Forget the New Year’s resolutions: Try action plans, instead

By Angelo Kinicki  |  Weatherup/Overby Chair in Leadership

I strongly dislike New Year’s resolutions. A New Year’s resolution is nothing more than a broad goal, and experience and research show that broad goals do not foster success. However, I do love goal-based action plans, and that’s what I recommend you use for 2015. I have personally used goal-based action plans for years to help me accomplish some really challenging things.

For example, I ran a marathon many years ago. I had never run one before and stupidly accepted a challenge from Bob, another Arizona State University professor, in a public setting. He had run 17 marathons, was 10 years older and had 60 pounds on me. I figured, if he can do it, why can’t I? After putting my manly ego on the line by publicly stating that I would run the Runner’s Den Fiesta Bowl Half Marathon faster than Bob’s best time, I had to create a plan.

Failure was not an option. The plan entailed doing things like setting running intervals, gradually increasing the length of my runs until I could go 15 miles and trying to continually increase my miles per hour. Fortunately, Bob turned out to be a fine running coach! I finished the marathon in 3:41, which did not beat his best time.

I realize now that it was his coaching me to set daily, weekly and monthly goals, along with proper diet, time management, mental training and a couple of pairs of good running shoes that made it all possible. It wasn’t just saying I’d do it; it was executing the plan. That’s why I am not a fan of the New Year’s resolution. We all say them. Most of us even want to believe we’ll stick to them.

I’m talking about self-promises of smoking cessation, weight loss, exercise, working fewer hours, going back to school — all kinds of resolutions. How many have you made over the years only to state the same ones the following December? Action plans are the real key to accomplishing goals or resolutions — whether at work or at home. They keep us focused on what we must do to achieve our goals. They also provide a measuring stick for monitoring progress. Here are the steps for creating and executing an action plan:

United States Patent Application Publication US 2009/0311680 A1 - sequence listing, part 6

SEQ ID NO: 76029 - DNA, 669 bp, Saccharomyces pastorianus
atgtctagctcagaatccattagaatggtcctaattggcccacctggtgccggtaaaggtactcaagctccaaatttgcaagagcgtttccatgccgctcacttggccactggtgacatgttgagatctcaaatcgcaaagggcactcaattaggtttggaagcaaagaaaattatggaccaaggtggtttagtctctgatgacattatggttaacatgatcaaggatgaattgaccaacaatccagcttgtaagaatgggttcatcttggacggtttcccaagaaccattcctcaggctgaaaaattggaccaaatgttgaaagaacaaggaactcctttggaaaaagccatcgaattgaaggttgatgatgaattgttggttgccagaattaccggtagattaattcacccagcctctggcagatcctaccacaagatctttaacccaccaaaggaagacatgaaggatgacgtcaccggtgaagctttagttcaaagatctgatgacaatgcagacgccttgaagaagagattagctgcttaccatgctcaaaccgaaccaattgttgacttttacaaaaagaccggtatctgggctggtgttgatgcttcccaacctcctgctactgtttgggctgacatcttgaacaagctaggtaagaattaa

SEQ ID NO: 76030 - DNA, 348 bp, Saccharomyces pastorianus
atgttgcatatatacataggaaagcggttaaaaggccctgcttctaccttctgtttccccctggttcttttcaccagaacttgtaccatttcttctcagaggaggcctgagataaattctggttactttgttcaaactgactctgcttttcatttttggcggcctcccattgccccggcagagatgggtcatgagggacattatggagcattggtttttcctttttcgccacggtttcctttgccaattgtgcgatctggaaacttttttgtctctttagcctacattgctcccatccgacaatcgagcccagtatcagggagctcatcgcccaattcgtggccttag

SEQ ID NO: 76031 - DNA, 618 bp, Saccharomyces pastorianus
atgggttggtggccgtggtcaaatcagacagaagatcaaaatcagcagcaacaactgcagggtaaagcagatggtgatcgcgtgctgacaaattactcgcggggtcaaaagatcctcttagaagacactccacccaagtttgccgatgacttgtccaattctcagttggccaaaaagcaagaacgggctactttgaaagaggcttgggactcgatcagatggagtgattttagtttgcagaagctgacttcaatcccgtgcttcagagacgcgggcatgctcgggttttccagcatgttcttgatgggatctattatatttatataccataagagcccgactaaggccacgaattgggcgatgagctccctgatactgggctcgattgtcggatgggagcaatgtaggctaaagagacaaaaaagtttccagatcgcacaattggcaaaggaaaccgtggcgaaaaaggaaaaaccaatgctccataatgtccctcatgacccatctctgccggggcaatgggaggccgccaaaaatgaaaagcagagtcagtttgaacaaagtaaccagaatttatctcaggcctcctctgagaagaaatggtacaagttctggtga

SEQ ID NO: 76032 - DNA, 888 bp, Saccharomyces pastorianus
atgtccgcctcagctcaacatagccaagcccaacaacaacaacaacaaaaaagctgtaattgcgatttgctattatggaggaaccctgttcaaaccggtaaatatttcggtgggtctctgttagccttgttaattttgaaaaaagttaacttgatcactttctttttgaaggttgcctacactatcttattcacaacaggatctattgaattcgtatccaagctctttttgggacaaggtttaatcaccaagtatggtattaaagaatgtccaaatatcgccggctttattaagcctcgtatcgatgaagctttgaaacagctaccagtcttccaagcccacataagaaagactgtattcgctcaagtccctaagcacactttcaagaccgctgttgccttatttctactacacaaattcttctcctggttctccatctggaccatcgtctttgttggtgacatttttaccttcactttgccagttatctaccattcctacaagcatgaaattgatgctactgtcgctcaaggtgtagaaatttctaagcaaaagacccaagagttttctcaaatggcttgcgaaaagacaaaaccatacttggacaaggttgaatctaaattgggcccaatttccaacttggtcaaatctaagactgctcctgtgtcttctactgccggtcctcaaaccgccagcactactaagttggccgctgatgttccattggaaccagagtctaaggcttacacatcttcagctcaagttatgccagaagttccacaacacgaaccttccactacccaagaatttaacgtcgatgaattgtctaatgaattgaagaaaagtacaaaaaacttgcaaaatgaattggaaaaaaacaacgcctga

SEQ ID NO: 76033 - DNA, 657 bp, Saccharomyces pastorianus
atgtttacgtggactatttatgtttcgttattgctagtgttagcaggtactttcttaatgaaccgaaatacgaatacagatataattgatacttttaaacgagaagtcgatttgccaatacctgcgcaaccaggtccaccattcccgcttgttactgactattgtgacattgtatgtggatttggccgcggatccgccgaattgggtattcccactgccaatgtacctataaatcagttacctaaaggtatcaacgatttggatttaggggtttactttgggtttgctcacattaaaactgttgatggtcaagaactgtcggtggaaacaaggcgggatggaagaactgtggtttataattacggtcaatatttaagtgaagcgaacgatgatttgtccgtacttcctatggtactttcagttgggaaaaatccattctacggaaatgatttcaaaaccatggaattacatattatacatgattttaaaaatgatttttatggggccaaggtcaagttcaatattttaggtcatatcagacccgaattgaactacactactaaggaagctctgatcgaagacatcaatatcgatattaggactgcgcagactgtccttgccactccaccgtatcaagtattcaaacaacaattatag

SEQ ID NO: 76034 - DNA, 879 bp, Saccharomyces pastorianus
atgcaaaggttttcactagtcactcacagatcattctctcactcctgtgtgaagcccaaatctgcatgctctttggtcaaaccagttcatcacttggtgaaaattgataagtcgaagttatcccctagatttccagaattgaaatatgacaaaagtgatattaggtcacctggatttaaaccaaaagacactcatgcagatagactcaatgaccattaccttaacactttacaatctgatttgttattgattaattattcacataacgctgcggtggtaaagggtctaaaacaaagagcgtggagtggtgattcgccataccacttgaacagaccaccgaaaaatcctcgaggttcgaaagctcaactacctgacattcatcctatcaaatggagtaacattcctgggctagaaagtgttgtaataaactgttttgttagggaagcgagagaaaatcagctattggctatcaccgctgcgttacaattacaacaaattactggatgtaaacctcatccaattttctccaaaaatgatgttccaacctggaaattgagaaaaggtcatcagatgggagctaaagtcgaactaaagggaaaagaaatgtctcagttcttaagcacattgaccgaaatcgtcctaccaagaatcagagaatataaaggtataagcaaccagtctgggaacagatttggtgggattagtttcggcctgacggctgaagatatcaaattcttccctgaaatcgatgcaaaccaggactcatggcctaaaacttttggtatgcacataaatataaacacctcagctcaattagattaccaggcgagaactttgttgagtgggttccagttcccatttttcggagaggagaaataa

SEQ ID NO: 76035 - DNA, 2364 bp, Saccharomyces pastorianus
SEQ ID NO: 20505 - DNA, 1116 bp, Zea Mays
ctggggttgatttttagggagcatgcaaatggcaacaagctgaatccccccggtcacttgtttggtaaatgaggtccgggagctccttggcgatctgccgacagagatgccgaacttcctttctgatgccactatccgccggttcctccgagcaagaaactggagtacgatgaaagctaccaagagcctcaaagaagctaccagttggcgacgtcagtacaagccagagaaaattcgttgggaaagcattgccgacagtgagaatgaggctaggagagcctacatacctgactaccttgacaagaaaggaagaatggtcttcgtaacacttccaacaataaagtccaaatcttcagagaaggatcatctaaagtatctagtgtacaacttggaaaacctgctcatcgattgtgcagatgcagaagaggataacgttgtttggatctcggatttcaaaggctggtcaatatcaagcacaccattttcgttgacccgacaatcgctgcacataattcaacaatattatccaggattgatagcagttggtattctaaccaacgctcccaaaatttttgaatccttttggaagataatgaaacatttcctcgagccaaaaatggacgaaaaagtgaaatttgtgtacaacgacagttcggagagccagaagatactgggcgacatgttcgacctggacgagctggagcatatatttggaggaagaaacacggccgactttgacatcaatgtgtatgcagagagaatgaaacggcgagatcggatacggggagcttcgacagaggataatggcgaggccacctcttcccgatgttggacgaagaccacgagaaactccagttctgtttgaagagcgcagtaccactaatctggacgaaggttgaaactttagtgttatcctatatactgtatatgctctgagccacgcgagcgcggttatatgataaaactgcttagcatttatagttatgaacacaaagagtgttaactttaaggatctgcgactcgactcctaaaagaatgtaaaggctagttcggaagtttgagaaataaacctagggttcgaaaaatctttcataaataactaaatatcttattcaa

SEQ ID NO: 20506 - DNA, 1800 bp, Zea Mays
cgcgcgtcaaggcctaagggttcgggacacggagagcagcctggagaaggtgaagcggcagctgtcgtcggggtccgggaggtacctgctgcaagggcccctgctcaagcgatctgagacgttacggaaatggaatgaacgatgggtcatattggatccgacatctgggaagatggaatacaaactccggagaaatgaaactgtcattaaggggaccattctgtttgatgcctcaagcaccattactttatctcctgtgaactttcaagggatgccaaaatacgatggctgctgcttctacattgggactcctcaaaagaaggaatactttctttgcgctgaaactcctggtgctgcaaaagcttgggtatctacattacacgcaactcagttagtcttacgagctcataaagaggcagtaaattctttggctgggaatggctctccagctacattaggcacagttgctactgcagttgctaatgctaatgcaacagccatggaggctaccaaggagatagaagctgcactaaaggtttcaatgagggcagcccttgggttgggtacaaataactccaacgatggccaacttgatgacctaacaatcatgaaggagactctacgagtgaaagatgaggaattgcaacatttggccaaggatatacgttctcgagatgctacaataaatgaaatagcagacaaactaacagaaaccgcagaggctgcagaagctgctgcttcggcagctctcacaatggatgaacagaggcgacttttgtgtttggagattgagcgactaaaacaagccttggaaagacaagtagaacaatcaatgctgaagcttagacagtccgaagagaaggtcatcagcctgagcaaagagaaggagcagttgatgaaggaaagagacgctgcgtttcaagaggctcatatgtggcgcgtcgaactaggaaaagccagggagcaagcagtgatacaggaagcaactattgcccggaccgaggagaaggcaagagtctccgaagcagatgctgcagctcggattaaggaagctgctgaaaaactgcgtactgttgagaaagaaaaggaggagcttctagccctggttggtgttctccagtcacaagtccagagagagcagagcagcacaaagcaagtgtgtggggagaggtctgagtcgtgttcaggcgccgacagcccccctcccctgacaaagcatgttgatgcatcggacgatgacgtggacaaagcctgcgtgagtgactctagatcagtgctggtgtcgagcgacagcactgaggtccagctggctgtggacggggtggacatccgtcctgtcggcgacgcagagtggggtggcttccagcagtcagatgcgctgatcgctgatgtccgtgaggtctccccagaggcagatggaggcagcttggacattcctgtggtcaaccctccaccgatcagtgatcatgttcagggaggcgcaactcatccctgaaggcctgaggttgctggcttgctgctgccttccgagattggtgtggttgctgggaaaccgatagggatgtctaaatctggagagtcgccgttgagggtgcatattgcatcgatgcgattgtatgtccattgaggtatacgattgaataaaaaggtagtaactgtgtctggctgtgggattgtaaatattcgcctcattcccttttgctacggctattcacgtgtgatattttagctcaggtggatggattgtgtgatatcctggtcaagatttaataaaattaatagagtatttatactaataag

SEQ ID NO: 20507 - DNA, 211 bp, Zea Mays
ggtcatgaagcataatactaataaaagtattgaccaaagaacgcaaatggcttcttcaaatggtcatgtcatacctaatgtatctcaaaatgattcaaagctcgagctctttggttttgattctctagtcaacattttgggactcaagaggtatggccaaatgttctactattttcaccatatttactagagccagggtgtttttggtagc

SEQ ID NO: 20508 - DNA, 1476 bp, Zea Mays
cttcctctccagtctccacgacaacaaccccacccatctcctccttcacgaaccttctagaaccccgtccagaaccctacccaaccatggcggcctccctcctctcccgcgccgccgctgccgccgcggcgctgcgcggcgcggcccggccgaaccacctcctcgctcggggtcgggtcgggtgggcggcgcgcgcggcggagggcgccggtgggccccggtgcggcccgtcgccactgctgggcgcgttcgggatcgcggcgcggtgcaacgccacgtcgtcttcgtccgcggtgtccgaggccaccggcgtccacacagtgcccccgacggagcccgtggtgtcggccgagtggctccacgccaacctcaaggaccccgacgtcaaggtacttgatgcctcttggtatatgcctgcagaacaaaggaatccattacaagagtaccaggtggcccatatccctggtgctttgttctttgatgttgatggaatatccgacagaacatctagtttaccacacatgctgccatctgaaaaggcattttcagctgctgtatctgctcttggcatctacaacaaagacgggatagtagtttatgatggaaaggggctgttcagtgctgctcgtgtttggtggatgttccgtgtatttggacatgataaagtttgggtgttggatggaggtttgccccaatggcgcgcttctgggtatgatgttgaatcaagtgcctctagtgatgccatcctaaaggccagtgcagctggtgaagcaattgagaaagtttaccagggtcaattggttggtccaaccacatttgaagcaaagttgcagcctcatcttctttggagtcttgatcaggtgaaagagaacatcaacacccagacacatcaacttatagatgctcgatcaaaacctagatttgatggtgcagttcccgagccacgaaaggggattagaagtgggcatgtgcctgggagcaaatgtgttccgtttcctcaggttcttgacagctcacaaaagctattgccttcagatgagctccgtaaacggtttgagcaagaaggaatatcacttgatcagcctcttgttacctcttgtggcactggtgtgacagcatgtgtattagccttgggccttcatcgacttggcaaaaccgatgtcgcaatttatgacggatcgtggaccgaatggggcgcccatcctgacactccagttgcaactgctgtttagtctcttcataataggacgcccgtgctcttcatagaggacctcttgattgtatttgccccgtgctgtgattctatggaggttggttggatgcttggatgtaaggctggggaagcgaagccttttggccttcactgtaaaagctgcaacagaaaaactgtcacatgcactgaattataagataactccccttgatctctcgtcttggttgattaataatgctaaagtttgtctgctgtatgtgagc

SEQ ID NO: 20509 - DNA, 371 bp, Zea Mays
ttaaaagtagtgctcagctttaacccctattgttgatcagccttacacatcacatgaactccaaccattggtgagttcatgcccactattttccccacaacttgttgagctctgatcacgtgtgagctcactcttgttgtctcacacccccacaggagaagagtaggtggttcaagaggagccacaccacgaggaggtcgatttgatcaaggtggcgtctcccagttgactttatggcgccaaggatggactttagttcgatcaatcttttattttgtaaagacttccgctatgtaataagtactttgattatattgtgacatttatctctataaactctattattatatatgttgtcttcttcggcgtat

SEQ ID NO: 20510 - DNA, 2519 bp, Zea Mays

1. Determine the parts of the plan. Consider, for example, a goal of losing weight. My wife and I allow ourselves to eat pretty much whatever we want from Thanksgiving through Christmas. She then clears out the refrigerator the day after Christmas of all the sugary, less than perfectly healthy foods. This is followed by shopping for fruit, vegetables, good grains and lean proteins to help us to get back on track with healthy eating. We both also increase our exercise activities the week after Christmas and continue this trend for the next four to five weeks. We ultimately return to normal eating and exercise. This annual plan, well-executed by my wife’s meal planning, shopping and cooking, has helped us to undo most of the damage accumulated on our waistlines in December. The same type of planning and execution can help you achieve your work-related goals. Once you know the proper components of the plan, you’re ready to get started.
  2. Replace broad resolutions with specific and measurable goals. Don’t set a goal to exercise more, lose weight or increase productivity. Rather, the goal needs to be stated in precise terms like, “exercise 20 minutes four times a week for five weeks,” “lose five pounds in 30 days” or “increase sales by 10 percent over last month.” Further, the goal needs to balance your motivation and ability with its difficulty. All too often we set resolutions that are too difficult. Setting realistic goals is key, as is honestly evaluating your motivation and ability.
  3. Identify the how, where and when of activities needed for success. If the goal is to increase your productivity at work, then you need to specify the how, where and when this will be done. I recommend taking time to brainstorm activities or tasks that enable you to reach your goal. It’s important to establish time frames for executing each aspect of your plan.
  4. Monitor your progress. Keep a record of your successes and failures. Feedback is the only way we can improve or change our plan, if it is not working.
  5. Remember to reward yourself for small achievements. If your goal is to lose 10 pounds total, and you lost three in the first month, then reward yourself with something you value. For me, it would be a guilt-free round of golf.

I look forward to not having any New Year’s resolutions, but I will definitely set one goal-based action plan. I hope you do, too. Good luck. As noted by British sculptor Henry Moore, “I think in terms of the day’s resolutions, not the years’.”

First published in The Arizona Republic January 7, 2015.

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